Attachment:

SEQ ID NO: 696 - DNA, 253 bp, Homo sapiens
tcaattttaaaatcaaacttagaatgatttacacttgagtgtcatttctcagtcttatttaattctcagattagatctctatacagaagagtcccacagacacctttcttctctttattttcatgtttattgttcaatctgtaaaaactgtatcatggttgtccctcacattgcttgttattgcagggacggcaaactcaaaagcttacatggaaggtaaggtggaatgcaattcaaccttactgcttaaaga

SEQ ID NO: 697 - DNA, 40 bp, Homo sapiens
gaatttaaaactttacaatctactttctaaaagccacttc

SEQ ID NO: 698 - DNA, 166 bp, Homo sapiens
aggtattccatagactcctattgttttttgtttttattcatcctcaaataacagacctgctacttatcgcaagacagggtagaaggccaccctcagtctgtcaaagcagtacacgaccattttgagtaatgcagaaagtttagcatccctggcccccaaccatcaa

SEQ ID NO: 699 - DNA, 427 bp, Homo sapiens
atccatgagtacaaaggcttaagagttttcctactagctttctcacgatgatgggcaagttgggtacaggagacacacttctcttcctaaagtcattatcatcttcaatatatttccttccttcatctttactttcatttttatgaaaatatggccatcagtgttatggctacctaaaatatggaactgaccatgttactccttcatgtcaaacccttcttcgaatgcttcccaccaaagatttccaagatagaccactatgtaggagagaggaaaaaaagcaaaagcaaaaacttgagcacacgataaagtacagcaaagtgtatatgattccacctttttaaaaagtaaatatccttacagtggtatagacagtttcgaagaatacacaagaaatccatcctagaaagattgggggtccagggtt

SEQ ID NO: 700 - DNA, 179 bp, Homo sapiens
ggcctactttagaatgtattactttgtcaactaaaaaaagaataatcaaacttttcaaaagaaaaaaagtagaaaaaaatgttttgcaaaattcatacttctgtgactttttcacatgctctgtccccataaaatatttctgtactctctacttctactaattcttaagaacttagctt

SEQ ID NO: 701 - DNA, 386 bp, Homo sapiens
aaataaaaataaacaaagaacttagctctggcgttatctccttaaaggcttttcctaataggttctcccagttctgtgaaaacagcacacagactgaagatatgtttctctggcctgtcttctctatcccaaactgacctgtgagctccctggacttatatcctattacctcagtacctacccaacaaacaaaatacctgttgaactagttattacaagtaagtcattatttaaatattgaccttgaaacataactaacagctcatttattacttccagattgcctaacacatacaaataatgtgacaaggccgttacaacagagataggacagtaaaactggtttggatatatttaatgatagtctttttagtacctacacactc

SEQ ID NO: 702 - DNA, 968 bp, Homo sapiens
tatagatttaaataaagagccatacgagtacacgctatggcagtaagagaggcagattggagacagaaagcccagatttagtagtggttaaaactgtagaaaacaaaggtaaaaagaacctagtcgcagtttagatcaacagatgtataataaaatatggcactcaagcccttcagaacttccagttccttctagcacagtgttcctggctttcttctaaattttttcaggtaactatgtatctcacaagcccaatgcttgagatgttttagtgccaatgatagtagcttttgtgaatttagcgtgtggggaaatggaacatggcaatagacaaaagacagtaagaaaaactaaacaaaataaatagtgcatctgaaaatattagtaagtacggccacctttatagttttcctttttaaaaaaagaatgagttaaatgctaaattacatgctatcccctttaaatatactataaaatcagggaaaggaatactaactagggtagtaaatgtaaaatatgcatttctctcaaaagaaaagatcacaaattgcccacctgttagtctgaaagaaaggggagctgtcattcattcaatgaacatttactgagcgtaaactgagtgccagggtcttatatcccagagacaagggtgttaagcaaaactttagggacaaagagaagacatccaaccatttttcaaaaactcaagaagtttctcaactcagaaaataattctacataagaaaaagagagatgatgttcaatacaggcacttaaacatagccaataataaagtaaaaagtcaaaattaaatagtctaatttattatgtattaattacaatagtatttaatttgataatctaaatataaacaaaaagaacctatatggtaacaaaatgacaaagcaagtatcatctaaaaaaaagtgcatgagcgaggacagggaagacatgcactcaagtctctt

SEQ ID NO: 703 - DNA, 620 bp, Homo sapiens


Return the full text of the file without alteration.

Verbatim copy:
SEQ ID NO: 696 - DNA, 253 bp, Homo sapiens
tcaattttaaaatcaaacttagaatgatttacacttgagtgtcatttctcagtcttatttaattctcagattagatctctatacagaagagtcccacagacacctttcttctctttattttcatgtttattgttcaatctgtaaaaactgtatcatggttgtccctcacattgcttgttattgcagggacggcaaactcaaaagcttacatggaaggtaaggtggaatgcaattcaaccttactgcttaaaga

SEQ ID NO: 697 - DNA, 40 bp, Homo sapiens
gaatttaaaactttacaatctactttctaaaagccacttc

SEQ ID NO: 698 - DNA, 166 bp, Homo sapiens
aggtattccatagactcctattgttttttgtttttattcatcctcaaataacagacctgctacttatcgcaagacagggtagaaggccaccctcagtctgtcaaagcagtacacgaccattttgagtaatgcagaaagtttagcatccctggcccccaaccatcaa

SEQ ID NO: 699 - DNA, 427 bp, Homo sapiens
atccatgagtacaaaggcttaagagttttcctactagctttctcacgatgatgggcaagttgggtacaggagacacacttctcttcctaaagtcattatcatcttcaatatatttccttccttcatctttactttcatttttatgaaaatatggccatcagtgttatggctacctaaaatatggaactgaccatgttactccttcatgtcaaacccttcttcgaatgcttcccaccaaagatttccaagatagaccactatgtaggagagaggaaaaaaagcaaaagcaaaaacttgagcacacgataaagtacagcaaagtgtatatgattccacctttttaaaaagtaaatatccttacagtggtatagacagtttcgaagaatacacaagaaatccatcctagaaagattgggggtccagggtt

SEQ ID NO: 700 - DNA, 179 bp, Homo sapiens
ggcctactttagaatgtattactttgtcaactaaaaaaagaataatcaaacttttcaaaagaaaaaaagtagaaaaaaatgttttgcaaaattcatacttctgtgactttttcacatgctctgtccccataaaatatttctgtactctctacttctactaattcttaagaacttagctt

SEQ ID NO: 701 - DNA, 386 bp, Homo sapiens
aaataaaaataaacaaagaacttagctctggcgttatctccttaaaggcttttcctaataggttctcccagttctgtgaaaacagcacacagactgaagatatgtttctctggcctgtcttctctatcccaaactgacctgtgagctccctggacttatatcctattacctcagtacctacccaacaaacaaaatacctgttgaactagttattacaagtaagtcattatttaaatattgaccttgaaacataactaacagctcatttattacttccagattgcctaacacatacaaataatgtgacaaggccgttacaacagagataggacagtaaaactggtttggatatatttaatgatagtctttttagtacctacacactc

SEQ ID NO: 702 - DNA, 968 bp, Homo sapiens
tatagatttaaataaagagccatacgagtacacgctatggcagtaagagaggcagattggagacagaaagcccagatttagtagtggttaaaactgtagaaaacaaaggtaaaaagaacctagtcgcagtttagatcaacagatgtataataaaatatggcactcaagcccttcagaacttccagttccttctagcacagtgttcctggctttcttctaaattttttcaggtaactatgtatctcacaagcccaatgcttgagatgttttagtgccaatgatagtagcttttgtgaatttagcgtgtggggaaatggaacatggcaatagacaaaagacagtaagaaaaactaaacaaaataaatagtgcatctgaaaatattagtaagtacggccacctttatagttttcctttttaaaaaaagaatgagttaaatgctaaattacatgctatcccctttaaatatactataaaatcagggaaaggaatactaactagggtagtaaatgtaaaatatgcatttctctcaaaagaaaagatcacaaattgcccacctgttagtctgaaagaaaggggagctgtcattcattcaatgaacatttactgagcgtaaactgagtgccagggtcttatatcccagagacaagggtgttaagcaaaactttagggacaaagagaagacatccaaccatttttcaaaaactcaagaagtttctcaactcagaaaataattctacataagaaaaagagagatgatgttcaatacaggcacttaaacatagccaataataaagtaaaaagtcaaaattaaatagtctaatttattatgtattaattacaatagtatttaatttgataatctaaatataaacaaaaagaacctatatggtaacaaaatgacaaagcaagtatcatctaaaaaaaagtgcatgagcgaggacagggaagacatgcactcaagtctctt

SEQ ID NO: 703 - DNA, 620 bp, Homo sapiens